Assemblyman Steve Englebright and Senator Rich Funke Announce Passage of Measure to Implement Recycling Program for State Parks
Assemblyman Englebright (D-Setauket) and Senator Funke (R-Fairport) announced passage of legislation to implement a recycling program in state parks, state historic sites, and state recreational facilities. The bill (A.2858-B/S.4084-A), which passed unanimously in both houses of the Legislature, requires the collection of any recyclable materials such as plastics, metals, paper, and glass by the Office of Parks.
Senator Funke said, “As Chair of the Senate Tourism Committee, I understand how much our great state parks and historic sites contribute to New York’s $100 billion tourism industry each year. Setting clear standards for recycling in all of our state parks is a common sense way to reduce waste management costs and keep New York beautiful for generations to come. I thank my Senate colleagues and Assemblyman Englebright for their bipartisan support and I call on the Governor to sign our proposal into law this year.”
Assemblyman Englebright said, “Recycling is one of the most powerful actions we can take to help maintain a clean and healthy environment. By setting this example in our state parks, we are paving the way for other states and municipalities to follow. This legislation will reduce the amount of garbage in the waste stream, in turn reducing waste management costs and saving taxpayer dollars. I thank Senator Funke for his partnership on this bill and to Assemblyman Danny O’Donnell for his continued leadership as Chair of the Assembly Tourism, Parks, Arts, and Sports Development Committee.”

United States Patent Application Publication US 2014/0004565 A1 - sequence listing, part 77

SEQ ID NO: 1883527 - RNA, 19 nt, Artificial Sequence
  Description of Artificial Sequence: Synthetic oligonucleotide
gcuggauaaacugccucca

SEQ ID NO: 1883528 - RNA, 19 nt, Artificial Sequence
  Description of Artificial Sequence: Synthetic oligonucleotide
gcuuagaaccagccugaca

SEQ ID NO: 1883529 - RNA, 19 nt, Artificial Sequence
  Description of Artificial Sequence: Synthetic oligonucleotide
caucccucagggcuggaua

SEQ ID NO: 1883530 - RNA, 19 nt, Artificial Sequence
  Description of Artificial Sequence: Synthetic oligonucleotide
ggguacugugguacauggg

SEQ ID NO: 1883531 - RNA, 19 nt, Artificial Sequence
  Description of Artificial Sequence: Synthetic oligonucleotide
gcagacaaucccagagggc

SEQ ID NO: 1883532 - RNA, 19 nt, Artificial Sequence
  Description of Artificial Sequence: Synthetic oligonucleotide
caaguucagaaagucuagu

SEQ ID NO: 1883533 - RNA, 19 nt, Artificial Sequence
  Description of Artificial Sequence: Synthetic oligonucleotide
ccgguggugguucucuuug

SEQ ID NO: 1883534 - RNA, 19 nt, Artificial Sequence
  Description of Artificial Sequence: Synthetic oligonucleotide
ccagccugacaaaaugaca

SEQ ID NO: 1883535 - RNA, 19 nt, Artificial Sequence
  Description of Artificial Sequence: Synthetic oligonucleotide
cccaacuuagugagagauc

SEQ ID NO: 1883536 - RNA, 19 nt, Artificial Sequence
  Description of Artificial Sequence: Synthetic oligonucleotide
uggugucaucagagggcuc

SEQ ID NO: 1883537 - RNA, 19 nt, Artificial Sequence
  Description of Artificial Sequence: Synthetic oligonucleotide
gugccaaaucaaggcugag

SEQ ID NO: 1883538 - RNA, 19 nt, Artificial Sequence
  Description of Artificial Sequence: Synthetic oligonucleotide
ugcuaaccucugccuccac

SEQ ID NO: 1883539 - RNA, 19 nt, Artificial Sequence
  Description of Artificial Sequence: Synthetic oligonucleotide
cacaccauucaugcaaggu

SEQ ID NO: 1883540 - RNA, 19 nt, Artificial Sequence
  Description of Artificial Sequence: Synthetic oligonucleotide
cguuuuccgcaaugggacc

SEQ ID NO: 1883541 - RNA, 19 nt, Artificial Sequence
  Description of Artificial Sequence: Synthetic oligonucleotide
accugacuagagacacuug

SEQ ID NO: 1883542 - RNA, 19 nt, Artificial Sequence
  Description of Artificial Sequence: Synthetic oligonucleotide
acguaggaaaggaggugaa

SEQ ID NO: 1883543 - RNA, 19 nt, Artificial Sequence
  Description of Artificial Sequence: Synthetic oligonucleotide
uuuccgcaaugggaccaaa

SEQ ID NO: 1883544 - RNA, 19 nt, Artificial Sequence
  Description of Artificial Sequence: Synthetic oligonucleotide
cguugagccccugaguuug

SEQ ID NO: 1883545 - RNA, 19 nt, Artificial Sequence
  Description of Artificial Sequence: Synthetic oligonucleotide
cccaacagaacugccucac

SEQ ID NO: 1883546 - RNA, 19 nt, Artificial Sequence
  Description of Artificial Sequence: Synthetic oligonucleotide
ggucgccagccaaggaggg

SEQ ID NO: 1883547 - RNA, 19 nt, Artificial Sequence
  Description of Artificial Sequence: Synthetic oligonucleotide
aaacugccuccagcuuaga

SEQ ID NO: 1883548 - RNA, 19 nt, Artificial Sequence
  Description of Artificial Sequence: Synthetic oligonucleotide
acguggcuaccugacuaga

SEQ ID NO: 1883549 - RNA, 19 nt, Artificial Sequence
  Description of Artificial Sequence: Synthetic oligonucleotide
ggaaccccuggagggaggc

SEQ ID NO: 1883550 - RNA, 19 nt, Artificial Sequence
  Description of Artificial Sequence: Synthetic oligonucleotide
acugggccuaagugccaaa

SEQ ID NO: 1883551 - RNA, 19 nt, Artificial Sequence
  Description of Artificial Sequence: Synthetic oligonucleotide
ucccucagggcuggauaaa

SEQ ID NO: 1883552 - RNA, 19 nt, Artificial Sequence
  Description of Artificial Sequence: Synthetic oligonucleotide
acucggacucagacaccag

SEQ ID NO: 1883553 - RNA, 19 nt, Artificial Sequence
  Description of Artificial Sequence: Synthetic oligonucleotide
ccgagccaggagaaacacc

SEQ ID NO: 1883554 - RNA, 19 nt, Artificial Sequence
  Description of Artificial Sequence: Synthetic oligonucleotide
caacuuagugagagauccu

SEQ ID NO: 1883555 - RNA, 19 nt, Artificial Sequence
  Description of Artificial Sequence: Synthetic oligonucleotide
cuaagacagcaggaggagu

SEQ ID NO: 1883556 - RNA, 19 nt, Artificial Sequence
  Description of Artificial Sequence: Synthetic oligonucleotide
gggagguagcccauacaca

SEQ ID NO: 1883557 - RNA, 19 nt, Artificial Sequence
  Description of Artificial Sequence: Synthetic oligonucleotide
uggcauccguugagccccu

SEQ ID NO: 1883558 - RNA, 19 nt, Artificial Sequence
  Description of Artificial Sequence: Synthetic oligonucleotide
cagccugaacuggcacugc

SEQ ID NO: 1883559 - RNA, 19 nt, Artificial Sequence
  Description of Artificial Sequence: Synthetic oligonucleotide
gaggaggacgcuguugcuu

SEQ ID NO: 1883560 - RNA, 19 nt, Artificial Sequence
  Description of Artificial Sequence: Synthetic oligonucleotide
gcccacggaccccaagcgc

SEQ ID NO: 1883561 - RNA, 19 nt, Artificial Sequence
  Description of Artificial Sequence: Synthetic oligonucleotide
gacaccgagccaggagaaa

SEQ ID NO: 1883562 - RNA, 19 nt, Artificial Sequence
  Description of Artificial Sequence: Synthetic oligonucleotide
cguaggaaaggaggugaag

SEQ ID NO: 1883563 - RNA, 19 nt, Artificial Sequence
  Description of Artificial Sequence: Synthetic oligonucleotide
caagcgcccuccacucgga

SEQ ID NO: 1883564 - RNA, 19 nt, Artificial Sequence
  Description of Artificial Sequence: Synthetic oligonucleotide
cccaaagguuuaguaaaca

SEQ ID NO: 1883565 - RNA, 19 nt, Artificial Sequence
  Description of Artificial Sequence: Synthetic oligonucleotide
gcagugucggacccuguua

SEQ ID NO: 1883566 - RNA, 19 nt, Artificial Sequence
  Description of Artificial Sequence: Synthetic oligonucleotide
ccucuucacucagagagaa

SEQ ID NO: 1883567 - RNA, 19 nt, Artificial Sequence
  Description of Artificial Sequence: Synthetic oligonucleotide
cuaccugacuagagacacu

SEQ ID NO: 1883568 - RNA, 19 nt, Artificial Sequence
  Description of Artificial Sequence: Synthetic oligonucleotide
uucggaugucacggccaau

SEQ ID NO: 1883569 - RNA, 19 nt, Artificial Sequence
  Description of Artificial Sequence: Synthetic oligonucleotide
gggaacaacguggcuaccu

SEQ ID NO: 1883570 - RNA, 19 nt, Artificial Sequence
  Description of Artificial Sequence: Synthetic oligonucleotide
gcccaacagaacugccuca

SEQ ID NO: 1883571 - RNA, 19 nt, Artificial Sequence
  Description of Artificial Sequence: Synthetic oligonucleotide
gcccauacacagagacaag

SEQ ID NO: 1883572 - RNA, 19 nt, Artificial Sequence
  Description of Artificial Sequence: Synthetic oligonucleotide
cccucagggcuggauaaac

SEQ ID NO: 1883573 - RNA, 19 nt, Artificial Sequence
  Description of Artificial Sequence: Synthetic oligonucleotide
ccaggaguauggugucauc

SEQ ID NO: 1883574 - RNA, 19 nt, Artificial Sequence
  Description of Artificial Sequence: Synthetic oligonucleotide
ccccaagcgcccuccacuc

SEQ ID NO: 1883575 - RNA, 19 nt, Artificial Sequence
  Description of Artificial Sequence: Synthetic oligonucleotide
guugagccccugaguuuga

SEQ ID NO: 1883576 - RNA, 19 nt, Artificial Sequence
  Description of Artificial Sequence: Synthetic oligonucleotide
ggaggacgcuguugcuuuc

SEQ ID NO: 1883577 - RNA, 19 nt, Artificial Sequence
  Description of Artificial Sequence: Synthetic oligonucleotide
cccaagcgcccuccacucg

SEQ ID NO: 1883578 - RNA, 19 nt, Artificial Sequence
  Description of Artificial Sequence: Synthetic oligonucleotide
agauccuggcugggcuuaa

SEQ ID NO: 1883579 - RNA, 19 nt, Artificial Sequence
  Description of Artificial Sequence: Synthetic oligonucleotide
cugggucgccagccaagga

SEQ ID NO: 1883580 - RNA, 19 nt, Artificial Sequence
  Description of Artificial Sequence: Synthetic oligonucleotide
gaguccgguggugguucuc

“Our pristine state parks are the last place that we should be leaving behind a carbon footprint,” noted Assemblyman Englebright. Recycling plastic, metal, and glass provides numerous benefits including energy savings, emissions reductions from landfills, and conservation of natural resources.1 All of these benefits will help New York reach its robust environmental goals. In addition, recycling plastic is particularly cost effective. Recyclers are able to gain a profit from selling their product, while at the same time, purchasing recycled goods is cheaper for the consumer.2
Caitlin O’Brien, environmental health associate at Environmental Advocates of New York said, “Visitation to state parks is a great way to help New Yorkers become better stewards of our environment, and to up the state’s own recycling practices. Nearly two–thirds of recyclable material in New York currently ends up in landfills or, worse, on the ground. Parks attendance has grown more than 20% in the last six years, so there is no better time to enact smarter waste management practices. Environmental Advocates applauds Assemblyman Englebright and Senator Funke for partnering to pass this common–sense bill.”
A streamlined and standardized recycling program will bring environmental advantages and taxpayer benefits for generations to come. It will encourage environmental stewardship among the millions of visitors to New York’s parks and recreational sites each year and show people from around the world that New York is and is continuing to be a leader in environmental policies and practices.